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Article
April 1982

Epstein-Barr Virus and a Unilateral Neck Mass: Its Occurrence and Diagnosis in a Patient With No Other Signs of Infection

Author Affiliations

From the Division of Head and Neck Surgery, UCLA School of Medicine, Los Angeles.

Arch Otolaryngol. 1982;108(4):253-254. doi:10.1001/archotol.1982.00790520053015
Abstract

• Although Epstein-Barr infectious mononucleosis (IM) might be considered in the differential diagnosis of multiple neck masses in a young adult, single large masses are not usually associated with IM. This patient did have a solitary mass. Despite lacking other signs of IM, he did have a positive heterophil-agglutination titer and reactive lymphocytes. Other serologic tests can be of value in confirming the diagnosis, especially if the heterophil titer and reactive lymphocytes are absent. These tests are viral capsid antigen IgM and IgG, early antigen, and nuclear antigen. Surgeons should be aware of their usefulness, especially when trying to confirm a difficult diagnosis.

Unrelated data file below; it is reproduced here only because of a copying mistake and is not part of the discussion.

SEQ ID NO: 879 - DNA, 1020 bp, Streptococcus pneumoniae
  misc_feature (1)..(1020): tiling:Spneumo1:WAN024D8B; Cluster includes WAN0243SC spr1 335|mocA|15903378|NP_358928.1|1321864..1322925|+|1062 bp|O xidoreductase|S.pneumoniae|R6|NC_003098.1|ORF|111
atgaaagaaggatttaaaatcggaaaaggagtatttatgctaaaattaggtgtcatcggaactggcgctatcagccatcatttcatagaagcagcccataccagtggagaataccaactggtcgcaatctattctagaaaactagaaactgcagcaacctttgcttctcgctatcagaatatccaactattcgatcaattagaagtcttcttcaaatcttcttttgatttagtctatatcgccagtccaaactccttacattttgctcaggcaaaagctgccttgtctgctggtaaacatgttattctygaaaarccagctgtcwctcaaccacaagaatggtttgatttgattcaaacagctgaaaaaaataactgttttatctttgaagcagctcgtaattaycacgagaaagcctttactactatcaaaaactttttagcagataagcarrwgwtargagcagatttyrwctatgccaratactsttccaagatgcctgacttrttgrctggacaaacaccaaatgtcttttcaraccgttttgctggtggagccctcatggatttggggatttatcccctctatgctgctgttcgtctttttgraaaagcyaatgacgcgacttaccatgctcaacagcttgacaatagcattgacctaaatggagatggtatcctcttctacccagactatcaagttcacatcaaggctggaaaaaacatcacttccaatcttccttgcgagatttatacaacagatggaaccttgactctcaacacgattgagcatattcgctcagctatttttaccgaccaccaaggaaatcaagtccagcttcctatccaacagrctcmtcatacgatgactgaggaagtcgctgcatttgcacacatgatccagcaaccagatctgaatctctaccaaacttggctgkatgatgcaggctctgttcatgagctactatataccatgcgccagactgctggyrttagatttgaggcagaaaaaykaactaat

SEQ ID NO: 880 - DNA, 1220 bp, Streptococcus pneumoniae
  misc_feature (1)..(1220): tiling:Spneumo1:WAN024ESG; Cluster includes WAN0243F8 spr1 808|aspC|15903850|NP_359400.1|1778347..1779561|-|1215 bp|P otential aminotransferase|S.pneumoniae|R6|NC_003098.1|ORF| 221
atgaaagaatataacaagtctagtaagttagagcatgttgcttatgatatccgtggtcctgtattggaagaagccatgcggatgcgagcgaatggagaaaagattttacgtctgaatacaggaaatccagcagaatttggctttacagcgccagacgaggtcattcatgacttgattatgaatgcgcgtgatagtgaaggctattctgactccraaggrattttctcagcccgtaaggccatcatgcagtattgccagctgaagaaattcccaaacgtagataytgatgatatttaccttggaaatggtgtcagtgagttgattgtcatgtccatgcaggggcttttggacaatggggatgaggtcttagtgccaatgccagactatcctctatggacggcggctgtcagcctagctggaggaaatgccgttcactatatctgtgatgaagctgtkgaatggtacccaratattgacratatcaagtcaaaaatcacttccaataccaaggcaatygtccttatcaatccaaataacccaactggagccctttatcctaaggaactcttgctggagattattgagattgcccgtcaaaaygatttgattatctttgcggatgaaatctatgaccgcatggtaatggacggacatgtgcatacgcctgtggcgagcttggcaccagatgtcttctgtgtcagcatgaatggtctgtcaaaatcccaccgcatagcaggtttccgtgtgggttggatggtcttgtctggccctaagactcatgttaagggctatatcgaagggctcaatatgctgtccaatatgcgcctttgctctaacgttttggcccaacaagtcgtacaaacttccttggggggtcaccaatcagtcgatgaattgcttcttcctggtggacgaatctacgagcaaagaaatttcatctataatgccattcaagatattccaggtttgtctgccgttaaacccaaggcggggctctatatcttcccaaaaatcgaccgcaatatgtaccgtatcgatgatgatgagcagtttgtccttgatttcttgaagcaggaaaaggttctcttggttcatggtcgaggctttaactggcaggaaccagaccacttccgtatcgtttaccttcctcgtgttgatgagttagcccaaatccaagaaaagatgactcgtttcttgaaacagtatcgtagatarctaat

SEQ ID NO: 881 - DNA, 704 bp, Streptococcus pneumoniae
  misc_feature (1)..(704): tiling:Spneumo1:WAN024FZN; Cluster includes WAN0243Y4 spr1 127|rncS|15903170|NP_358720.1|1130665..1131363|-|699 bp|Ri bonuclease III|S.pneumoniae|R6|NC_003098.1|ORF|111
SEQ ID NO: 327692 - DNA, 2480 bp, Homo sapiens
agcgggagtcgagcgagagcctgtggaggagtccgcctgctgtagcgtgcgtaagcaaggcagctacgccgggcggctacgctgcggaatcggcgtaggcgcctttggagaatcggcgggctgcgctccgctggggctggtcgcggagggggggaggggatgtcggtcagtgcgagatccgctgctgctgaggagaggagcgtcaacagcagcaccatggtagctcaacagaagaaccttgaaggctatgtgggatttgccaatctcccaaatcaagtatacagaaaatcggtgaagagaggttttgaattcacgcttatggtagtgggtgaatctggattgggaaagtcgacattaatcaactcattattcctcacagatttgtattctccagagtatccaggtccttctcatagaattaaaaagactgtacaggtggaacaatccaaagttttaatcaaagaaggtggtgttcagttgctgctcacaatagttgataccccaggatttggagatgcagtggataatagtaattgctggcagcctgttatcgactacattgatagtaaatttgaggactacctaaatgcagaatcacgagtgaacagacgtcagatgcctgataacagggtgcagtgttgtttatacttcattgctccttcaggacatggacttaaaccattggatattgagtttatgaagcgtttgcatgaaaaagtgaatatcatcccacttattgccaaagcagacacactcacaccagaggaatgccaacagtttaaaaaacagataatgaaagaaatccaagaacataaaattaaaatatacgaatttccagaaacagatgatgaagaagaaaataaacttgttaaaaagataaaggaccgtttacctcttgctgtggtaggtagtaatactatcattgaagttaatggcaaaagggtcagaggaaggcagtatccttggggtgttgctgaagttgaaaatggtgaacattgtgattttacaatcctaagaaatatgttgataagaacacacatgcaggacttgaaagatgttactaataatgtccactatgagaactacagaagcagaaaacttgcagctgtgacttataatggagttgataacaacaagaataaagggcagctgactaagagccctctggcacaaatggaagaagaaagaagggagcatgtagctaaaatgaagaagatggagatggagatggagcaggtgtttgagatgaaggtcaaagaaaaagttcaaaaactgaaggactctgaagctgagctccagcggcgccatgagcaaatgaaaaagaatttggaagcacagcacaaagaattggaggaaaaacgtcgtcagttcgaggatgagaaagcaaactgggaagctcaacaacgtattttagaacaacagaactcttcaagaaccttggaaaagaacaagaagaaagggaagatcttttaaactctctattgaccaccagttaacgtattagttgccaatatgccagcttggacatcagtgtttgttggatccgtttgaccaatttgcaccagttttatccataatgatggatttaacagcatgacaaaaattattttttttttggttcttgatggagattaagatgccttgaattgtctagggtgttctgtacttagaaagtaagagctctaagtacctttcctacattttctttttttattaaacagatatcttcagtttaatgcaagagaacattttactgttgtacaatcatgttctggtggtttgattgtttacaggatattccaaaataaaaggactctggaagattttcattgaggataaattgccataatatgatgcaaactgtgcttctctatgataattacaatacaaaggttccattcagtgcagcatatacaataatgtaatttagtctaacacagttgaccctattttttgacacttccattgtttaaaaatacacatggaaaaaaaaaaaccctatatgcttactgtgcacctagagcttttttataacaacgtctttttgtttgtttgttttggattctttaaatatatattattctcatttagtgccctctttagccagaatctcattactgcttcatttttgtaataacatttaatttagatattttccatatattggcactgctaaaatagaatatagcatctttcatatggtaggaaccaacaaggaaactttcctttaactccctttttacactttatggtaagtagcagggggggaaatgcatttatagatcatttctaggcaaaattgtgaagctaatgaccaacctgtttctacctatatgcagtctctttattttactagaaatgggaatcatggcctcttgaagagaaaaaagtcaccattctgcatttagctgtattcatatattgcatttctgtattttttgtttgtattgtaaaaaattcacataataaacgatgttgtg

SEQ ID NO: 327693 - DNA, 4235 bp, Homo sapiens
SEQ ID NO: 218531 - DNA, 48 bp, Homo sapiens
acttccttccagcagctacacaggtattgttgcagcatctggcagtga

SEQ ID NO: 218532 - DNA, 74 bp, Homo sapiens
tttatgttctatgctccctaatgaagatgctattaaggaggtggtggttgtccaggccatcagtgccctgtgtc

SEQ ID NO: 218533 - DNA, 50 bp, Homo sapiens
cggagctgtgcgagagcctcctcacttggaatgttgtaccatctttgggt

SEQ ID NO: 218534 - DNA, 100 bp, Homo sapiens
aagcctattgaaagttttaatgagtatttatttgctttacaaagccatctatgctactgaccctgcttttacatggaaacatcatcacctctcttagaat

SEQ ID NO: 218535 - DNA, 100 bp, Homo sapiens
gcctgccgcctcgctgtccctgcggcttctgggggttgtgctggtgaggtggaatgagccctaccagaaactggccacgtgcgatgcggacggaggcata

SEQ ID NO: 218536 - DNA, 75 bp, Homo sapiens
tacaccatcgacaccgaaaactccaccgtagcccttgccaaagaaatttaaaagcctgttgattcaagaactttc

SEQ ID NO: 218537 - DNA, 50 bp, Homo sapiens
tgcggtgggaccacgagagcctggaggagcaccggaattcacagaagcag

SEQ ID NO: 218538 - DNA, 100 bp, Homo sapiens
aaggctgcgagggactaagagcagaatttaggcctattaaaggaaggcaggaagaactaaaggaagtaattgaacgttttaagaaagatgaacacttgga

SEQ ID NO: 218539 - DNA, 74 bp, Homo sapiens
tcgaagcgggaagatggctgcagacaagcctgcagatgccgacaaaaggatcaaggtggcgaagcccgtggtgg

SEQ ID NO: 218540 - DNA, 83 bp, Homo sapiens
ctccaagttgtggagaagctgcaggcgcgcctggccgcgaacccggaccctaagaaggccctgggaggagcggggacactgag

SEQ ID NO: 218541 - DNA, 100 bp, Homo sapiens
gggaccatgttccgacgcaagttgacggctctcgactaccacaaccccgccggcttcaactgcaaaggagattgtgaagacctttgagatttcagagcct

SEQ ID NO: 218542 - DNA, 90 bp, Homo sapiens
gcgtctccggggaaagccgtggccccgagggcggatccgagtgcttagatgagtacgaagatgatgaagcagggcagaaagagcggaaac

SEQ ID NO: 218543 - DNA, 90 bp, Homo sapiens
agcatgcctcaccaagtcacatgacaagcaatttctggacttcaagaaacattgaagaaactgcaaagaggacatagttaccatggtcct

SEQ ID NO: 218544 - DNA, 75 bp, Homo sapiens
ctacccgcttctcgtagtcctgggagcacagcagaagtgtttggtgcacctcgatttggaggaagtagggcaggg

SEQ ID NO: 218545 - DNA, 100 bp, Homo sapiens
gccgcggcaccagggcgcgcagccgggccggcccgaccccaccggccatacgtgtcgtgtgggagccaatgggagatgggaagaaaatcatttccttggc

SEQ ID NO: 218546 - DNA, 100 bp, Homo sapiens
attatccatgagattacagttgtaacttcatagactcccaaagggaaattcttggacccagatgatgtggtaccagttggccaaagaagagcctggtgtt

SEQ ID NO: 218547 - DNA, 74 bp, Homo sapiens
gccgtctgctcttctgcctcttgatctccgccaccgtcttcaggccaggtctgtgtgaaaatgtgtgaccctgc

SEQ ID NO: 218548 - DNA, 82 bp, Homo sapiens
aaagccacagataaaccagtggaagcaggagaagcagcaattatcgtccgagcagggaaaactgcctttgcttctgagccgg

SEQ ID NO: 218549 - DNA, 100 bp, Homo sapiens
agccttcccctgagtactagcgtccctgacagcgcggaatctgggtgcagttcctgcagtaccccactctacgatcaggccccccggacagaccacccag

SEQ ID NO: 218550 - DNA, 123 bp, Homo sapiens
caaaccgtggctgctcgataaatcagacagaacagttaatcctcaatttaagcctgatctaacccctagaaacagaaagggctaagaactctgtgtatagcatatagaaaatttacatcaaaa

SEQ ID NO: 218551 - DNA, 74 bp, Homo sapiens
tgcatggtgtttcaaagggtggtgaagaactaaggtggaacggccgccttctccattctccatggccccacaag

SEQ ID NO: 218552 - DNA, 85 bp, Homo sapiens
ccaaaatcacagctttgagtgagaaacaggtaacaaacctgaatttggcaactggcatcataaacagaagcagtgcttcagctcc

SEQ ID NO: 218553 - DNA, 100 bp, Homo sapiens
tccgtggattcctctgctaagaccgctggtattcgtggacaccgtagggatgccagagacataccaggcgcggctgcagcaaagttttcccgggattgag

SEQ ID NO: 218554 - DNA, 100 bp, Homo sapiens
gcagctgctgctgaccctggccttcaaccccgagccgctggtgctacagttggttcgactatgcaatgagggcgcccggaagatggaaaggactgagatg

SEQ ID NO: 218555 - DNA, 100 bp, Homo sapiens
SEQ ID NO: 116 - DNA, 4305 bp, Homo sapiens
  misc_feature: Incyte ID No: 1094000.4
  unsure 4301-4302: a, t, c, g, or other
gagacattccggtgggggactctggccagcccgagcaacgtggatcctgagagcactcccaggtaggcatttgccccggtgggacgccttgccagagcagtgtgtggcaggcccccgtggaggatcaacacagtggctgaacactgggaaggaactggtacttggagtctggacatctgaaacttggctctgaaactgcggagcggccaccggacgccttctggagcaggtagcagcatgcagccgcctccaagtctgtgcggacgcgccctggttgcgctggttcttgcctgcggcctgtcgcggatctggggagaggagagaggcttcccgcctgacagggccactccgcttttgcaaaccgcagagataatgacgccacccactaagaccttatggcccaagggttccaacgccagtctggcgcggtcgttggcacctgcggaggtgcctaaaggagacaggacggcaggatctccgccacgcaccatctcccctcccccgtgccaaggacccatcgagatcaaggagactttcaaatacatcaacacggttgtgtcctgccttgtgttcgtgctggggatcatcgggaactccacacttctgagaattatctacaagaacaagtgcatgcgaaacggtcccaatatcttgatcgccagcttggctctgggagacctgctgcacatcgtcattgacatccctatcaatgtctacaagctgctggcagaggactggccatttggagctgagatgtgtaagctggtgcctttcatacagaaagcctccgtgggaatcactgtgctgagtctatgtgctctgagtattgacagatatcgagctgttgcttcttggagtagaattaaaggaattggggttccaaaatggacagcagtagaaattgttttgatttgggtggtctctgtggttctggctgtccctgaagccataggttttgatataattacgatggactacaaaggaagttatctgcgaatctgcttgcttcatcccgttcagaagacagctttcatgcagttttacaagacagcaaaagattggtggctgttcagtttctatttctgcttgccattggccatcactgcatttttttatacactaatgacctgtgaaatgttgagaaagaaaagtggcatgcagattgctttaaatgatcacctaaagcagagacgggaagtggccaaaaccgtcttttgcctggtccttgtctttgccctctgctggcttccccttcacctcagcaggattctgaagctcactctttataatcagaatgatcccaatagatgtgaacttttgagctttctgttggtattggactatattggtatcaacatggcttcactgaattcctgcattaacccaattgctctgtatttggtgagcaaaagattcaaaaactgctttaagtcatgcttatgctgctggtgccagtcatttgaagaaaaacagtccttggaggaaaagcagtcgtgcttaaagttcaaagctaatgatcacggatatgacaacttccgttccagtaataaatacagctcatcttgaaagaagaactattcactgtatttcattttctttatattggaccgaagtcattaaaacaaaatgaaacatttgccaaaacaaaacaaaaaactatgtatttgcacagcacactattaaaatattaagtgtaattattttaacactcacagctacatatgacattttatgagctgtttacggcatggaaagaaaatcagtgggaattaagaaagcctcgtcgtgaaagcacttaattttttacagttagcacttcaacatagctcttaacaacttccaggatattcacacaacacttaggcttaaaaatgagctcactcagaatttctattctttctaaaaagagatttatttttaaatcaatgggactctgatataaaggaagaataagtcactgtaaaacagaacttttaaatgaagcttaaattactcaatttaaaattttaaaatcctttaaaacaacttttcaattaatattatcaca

(Arch Otolaryngol 1982;108:253-254)

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